UK Hospitals Faced with Candida auris, a Drug-Resistant Japanese Fungus
UK health officials have confirmed over 200 hospital patients throughout England have been infected with a Japanese fungus that has proven to be resistant to drugs. The fungus is known as Candida auris and was first identified in Japan. The fungus is referred to as a Japanese fungus because the first case was found in 2009 in a patient in Japan.
The first case of Candida auris to occur in the UK was in 2013. While the number of people found to have the infection has increased with each passing year, numbers are still considered low. Up to last month, 20 NHS trusts throughout the UK had found the fungus in their hospitals. Furthermore, over 35 other hospitals have taken patients who have already been found to have the fungus.
How is the fungus spread?
At present, it is unknown exactly how the fungus is being spread. However, it is suspected that person-to-person contact may be responsible. With that said, there is also the possibly the fungus could remain on inanimate objects, having been spread there unknowingly by an infected person, and picked up by someone else. Thus, health officials are encouraging everyone to practise good hygiene in keeping their hands clean by using sanitising wash and gels.
What are the symptoms of infection?
It is possible for someone to be a carrier of the infection and to have no symptoms at all. It can cause mild infections in some, but others may become more seriously ill. If it gets into the bloodstream, it can cause more serious infections. Those who are recovering from operations or have had wounds attended to in hospital may also be more prone to be infected if Candida auris contaminates those wounds.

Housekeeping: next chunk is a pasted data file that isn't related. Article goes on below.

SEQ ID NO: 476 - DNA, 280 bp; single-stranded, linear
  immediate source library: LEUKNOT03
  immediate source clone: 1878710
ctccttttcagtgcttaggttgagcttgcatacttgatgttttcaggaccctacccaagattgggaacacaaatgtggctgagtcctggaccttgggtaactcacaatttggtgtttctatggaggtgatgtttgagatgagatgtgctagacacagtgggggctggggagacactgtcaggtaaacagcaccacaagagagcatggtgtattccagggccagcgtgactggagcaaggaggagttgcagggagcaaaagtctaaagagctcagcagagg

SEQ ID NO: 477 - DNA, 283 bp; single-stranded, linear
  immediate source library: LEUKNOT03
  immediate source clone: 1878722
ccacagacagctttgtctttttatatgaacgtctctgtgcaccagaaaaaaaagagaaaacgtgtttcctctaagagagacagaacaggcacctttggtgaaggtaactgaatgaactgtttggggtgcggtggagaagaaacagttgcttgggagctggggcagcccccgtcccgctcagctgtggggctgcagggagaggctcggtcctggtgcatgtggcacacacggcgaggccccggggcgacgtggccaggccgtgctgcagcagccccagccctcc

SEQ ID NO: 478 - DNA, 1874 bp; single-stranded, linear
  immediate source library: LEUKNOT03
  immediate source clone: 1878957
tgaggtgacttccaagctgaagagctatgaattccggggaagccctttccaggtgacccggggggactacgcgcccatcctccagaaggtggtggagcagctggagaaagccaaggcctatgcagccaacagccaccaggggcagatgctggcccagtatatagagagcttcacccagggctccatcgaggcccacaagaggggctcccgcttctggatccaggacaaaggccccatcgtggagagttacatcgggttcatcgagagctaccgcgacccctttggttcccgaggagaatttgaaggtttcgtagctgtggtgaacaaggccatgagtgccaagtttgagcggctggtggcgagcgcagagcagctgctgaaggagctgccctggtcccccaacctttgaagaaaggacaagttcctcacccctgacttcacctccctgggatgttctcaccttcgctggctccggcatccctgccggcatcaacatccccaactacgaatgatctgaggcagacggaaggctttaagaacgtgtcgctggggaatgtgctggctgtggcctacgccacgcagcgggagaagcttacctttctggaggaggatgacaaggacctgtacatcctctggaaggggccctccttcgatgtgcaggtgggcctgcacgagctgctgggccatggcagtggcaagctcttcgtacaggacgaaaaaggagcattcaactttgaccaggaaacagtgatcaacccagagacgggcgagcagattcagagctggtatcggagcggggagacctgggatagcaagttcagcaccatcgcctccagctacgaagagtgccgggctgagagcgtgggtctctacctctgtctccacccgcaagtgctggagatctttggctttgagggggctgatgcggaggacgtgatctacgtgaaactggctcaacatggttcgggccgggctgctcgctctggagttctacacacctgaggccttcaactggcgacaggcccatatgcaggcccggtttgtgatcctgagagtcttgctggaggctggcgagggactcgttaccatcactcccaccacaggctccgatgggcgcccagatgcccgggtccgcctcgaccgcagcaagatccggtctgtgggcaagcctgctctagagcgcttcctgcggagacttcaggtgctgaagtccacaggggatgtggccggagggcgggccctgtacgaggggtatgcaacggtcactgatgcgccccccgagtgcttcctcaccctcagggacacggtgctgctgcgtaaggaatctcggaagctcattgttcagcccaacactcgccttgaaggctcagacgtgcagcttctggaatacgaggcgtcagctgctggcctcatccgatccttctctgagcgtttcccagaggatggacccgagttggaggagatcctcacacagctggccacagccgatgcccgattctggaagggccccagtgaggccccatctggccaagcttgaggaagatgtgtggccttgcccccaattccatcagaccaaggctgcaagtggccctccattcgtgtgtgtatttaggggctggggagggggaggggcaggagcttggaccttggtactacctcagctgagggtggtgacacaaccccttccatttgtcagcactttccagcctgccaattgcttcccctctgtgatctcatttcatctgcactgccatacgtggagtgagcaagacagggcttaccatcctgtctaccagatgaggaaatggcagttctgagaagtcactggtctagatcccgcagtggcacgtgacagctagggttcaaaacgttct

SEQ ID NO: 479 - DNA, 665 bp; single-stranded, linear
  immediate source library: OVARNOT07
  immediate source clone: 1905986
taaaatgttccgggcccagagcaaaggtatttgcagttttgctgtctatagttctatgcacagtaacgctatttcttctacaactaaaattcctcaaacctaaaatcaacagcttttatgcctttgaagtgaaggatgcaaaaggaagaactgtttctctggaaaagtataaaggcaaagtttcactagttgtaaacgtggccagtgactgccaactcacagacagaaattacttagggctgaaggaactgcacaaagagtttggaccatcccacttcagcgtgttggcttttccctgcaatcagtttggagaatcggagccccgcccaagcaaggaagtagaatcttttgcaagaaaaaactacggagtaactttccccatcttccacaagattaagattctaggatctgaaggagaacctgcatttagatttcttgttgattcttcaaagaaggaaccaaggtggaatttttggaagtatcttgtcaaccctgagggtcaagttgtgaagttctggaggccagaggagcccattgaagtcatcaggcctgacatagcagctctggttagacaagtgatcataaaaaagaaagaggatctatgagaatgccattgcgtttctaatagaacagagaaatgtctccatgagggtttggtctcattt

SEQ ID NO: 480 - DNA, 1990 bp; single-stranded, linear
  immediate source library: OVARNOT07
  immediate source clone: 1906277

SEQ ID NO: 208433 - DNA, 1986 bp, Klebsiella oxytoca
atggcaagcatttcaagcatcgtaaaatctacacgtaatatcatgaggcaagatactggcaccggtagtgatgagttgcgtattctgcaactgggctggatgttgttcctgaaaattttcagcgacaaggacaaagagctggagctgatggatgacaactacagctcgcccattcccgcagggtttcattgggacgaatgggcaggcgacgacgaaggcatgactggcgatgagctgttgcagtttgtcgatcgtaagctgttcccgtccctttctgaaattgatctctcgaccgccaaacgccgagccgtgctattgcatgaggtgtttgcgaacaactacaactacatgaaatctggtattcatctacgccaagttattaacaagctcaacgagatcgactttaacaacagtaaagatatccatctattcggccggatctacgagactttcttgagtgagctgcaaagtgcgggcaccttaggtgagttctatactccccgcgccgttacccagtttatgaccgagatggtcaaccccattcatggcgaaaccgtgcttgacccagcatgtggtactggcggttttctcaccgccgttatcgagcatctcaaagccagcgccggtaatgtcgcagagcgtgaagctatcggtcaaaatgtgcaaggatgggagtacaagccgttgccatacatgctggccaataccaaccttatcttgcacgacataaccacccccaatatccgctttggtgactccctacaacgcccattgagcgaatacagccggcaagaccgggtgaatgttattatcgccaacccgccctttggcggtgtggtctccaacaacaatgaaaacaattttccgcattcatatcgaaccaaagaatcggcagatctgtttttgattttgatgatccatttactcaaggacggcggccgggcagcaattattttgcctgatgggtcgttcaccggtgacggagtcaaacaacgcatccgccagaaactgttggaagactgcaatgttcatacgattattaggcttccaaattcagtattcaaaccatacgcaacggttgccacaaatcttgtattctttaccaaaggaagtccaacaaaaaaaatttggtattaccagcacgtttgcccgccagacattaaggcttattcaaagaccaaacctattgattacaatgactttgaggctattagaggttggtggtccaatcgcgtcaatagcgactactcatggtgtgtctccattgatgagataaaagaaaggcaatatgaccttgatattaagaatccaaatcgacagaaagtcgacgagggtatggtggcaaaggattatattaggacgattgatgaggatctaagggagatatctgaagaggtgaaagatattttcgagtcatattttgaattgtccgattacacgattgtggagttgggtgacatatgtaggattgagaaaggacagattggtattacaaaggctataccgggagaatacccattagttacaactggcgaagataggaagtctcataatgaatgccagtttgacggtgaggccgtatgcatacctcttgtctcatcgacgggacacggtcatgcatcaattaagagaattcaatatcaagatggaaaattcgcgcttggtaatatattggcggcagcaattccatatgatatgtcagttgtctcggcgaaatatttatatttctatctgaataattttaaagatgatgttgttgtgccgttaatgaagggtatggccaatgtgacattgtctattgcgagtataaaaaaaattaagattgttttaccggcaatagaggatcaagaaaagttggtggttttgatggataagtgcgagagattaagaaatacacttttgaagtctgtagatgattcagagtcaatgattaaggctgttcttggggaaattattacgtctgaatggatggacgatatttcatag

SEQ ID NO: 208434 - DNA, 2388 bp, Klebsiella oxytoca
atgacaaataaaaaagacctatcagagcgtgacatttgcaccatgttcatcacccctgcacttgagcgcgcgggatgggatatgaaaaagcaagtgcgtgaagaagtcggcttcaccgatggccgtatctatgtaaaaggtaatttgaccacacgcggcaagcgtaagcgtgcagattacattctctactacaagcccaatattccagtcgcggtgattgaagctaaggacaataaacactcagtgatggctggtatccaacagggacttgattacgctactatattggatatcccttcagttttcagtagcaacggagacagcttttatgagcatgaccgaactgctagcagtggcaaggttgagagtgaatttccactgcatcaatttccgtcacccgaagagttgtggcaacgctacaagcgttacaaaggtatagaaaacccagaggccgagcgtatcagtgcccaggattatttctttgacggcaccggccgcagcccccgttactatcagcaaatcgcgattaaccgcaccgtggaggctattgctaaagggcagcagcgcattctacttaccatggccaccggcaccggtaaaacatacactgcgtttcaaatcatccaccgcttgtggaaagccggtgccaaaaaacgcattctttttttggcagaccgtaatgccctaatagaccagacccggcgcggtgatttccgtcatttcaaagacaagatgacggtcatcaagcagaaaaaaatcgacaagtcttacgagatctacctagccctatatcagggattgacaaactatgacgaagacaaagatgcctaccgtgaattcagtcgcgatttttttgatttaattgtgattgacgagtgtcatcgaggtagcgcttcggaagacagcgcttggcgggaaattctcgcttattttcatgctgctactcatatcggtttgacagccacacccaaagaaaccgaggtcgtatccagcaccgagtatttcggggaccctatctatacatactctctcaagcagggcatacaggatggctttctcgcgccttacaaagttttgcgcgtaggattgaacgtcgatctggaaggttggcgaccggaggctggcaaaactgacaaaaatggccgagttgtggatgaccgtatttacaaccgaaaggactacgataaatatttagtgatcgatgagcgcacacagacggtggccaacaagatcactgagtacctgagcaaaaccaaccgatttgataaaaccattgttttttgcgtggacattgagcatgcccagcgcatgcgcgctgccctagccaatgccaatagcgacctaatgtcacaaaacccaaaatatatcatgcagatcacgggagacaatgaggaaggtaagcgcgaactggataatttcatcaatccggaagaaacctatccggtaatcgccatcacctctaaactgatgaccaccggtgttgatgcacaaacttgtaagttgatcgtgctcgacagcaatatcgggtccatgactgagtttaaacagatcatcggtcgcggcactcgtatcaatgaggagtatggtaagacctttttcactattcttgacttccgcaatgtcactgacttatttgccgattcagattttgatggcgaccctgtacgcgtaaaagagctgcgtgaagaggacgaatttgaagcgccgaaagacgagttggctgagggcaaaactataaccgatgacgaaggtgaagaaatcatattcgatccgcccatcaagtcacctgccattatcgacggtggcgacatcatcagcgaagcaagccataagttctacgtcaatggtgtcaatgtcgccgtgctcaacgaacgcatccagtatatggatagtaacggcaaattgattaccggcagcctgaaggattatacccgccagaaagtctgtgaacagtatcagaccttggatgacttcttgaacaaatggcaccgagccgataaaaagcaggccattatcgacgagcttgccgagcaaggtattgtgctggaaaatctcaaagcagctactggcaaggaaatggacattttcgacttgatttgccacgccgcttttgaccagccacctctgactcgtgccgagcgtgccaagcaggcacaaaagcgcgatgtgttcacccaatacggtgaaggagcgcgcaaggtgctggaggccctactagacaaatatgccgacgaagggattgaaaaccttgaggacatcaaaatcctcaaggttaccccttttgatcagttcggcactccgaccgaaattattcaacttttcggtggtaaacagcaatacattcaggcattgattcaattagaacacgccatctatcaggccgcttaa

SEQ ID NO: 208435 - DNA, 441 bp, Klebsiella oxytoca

Candida auris showing signs of drug-resistance
While doctors have access to treatments that can combat fungal infections such as this, it has shown signs of being resistant to them. Research is currently ongoing to see whether anything else might kill the fungus, and to manage outbreaks when they occur.
Since most of those who are infected do not present with any symptoms, it is reasonable to assume some will be carriers of the fungus without knowing it. This makes it more likely it could be spread from one person to another. Indeed, health officials have confirmed most of the cases that had been found in the UK were due to screening for Candida auris, rather than treating those who had developed symptoms of any kind.
We shall be monitoring the latest developments with interest.
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